We greatly appreciate that city leadership as a whole has remained open to constructive criticism on issues of racial inequity in Norman. We also appreciate that Mayor Clark is listening, and her acknowledgement that there is more work to be done, but her silence on police accountability is deafening. We must continue to move the conversation forward to action.
In order to ensure an end to police brutality and racialized violence so that Norman can be a truly inclusive and safe community for all residents, Norman Citizens for Racial Justice demands the following:
Invest in alternatives to policing that are proven by research to support increased racial equity and equitable access to social services, such as unarmed mediation and intervention teams, decriminalization of poverty and nonviolent crimes, transformative justice programs, and increased access to mental health services.
Permanently end the use of military grade weapons and equipment by NPD. This includes chemical weapons like tear gas and mace. The use of these chemical weapons is considered a war crime under the Geneva Conventions because they are asphyxiating and their purpose is to cause misery through nerve pain and lung damage. These are less lethal than some other weapons, but can still cause death and serious injury. The use of these weapons by our police force should not be permitted under any circumstances, but especially considering the increased risk of respiratory illness during the global COVID-19 pandemic, it is critical that they are immediately banned.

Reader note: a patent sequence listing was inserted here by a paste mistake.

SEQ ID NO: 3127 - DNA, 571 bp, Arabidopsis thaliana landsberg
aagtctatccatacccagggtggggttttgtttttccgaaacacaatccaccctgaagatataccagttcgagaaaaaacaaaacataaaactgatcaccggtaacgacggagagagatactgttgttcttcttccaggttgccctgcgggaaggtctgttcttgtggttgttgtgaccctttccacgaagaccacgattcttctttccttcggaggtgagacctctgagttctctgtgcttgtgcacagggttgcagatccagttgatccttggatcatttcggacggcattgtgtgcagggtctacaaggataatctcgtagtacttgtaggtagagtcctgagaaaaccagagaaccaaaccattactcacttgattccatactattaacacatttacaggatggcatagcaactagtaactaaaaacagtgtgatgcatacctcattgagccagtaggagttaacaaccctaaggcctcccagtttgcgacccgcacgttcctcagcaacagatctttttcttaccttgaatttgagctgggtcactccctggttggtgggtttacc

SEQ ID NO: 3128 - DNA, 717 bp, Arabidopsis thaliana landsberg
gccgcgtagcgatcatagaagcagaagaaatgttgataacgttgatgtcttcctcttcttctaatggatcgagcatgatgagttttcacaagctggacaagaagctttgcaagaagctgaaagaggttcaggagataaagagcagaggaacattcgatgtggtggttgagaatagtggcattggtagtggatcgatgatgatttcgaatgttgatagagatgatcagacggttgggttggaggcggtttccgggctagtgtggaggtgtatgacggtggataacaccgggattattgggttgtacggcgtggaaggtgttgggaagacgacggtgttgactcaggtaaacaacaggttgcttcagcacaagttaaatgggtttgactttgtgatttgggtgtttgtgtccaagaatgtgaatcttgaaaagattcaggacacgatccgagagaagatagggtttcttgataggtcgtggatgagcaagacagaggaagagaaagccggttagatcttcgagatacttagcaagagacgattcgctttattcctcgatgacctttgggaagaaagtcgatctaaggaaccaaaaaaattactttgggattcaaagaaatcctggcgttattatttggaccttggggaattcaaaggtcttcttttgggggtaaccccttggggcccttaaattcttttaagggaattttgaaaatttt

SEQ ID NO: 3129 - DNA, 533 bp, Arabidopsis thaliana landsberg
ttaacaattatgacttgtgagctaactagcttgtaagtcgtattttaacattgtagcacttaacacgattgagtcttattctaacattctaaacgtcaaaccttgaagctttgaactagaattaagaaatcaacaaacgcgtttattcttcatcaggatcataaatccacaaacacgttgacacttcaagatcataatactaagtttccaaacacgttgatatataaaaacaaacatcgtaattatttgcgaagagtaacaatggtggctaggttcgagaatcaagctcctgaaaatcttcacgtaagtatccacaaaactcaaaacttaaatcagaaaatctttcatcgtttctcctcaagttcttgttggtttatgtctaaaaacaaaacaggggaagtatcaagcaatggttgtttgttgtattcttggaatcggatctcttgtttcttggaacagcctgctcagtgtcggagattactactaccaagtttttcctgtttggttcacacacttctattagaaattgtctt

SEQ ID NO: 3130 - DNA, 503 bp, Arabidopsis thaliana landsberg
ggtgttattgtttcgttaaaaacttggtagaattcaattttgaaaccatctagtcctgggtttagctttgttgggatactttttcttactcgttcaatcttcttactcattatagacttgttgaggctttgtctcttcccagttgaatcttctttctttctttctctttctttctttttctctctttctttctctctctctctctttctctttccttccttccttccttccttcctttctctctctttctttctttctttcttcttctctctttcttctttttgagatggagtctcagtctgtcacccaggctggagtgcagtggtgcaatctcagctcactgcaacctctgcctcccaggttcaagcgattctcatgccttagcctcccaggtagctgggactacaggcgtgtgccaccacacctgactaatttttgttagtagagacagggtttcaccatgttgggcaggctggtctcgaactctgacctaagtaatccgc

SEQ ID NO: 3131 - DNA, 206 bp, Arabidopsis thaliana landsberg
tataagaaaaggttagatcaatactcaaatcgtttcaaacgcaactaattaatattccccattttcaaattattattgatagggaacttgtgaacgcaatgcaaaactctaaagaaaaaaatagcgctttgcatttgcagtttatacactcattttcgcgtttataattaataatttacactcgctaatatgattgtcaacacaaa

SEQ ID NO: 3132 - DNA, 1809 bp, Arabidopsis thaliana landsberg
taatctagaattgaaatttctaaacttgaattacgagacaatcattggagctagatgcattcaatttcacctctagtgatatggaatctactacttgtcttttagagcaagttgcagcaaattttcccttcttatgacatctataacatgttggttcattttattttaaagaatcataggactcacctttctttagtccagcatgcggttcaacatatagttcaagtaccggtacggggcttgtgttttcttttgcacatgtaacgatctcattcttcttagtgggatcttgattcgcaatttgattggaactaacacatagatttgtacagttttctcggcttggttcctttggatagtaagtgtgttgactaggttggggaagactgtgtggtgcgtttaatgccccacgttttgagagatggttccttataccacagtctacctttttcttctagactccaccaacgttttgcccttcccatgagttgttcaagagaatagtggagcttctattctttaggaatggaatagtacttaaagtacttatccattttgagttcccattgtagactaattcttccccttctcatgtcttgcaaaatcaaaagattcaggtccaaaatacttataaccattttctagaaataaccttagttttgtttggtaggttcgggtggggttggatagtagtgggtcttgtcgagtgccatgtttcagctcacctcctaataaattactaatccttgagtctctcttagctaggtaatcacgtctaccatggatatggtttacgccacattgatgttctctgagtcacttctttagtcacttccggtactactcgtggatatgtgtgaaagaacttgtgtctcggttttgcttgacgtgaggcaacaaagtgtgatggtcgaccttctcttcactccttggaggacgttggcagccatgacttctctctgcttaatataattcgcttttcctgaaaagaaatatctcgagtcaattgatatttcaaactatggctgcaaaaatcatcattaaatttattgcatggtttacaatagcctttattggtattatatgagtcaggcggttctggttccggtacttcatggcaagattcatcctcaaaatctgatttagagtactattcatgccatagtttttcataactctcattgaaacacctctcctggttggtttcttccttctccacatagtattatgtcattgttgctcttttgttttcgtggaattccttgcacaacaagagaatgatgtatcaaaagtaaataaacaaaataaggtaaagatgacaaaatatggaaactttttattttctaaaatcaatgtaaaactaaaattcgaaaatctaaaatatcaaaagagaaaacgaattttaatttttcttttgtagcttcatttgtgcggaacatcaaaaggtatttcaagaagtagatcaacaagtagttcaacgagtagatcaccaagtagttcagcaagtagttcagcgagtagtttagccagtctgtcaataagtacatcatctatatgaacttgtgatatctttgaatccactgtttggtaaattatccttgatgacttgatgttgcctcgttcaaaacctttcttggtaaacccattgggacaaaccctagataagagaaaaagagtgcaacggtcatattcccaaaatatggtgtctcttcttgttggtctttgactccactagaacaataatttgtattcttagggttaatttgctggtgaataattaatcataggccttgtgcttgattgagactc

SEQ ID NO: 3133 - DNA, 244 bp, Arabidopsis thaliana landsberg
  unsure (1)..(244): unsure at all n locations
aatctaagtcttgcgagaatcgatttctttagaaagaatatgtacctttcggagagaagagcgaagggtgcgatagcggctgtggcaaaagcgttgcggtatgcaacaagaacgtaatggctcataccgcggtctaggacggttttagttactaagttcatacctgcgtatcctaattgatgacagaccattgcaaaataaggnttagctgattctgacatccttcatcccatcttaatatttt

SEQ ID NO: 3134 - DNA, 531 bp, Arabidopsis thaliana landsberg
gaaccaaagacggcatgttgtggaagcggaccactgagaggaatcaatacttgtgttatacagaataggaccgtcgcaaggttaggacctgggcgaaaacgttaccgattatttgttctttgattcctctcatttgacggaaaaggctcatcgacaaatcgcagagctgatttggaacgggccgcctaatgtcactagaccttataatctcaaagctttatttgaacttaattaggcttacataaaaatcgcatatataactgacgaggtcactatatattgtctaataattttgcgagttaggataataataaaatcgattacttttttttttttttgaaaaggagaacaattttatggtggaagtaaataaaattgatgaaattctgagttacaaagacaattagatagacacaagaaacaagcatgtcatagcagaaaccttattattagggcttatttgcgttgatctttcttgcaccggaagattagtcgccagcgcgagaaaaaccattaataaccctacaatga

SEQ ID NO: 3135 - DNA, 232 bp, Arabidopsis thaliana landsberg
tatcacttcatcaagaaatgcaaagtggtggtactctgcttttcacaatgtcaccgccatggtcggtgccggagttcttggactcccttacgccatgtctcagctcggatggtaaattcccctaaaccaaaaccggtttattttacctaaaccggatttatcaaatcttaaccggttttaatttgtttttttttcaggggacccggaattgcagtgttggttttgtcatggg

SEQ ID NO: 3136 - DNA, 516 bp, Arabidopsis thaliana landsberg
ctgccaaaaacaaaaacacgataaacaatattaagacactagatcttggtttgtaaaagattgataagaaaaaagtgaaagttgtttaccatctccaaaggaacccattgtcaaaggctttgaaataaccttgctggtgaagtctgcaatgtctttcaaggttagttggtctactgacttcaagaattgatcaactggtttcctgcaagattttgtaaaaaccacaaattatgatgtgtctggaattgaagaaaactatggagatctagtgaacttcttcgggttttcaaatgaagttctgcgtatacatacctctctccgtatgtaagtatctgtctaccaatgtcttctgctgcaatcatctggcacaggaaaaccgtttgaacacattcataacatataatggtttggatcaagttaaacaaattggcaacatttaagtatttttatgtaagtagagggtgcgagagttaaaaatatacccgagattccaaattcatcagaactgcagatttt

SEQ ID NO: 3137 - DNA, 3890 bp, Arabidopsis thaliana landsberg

Transparency and Accountability from NPD
Norman residents pay for the police budget with their tax dollars, and so the public deserves to know how racism within NPD is being dealt with. So far we are still waiting for that transparency, as evidenced most recently by the circulation and cover up of the racist email sent by Officer Jacob McDonough. The public has still not been informed by NPD or the Citizens Advisory Board on the disciplinary measures taken within the department. Unless and until this changes, the Citizens Advisory Board is failing to perform its stated function of providing public oversight of NPD.
Justice for Marconia Kessee and other victims of the NPD
We are also still waiting on justice for Marconia Kessee, an unarmed black man who died in Cleveland County jail after being brutally dragged across Norman Regional Hospital while trying to seek medical attention for a health emergency in 2018 in a racist incident by Officers Kyle Canaan and Daniel Brown of the Norman Police Department.
End the School Resource Officer Program
That the Norman Public School Board immediately end the School Resource Officer program and eliminate policing of children in Norman Public Schools. The school-to-prison pipeline must not be allowed to function in our community.
When governments choose to inflate police budgets so that they can be militarized for warfare against their own citizens, they are failing to protect us. Ultimately, Norman needs to be willing to invest in systems of community care and alternatives to policing that are proven to keep all residents safe, rather than inflating the budget of policing, which we know does further harm to our residents, and disproportionately harms our Black residents and other people of color. We must be willing to do whatever it takes to end police brutality and create the conditions for racial equity in the City of Norman.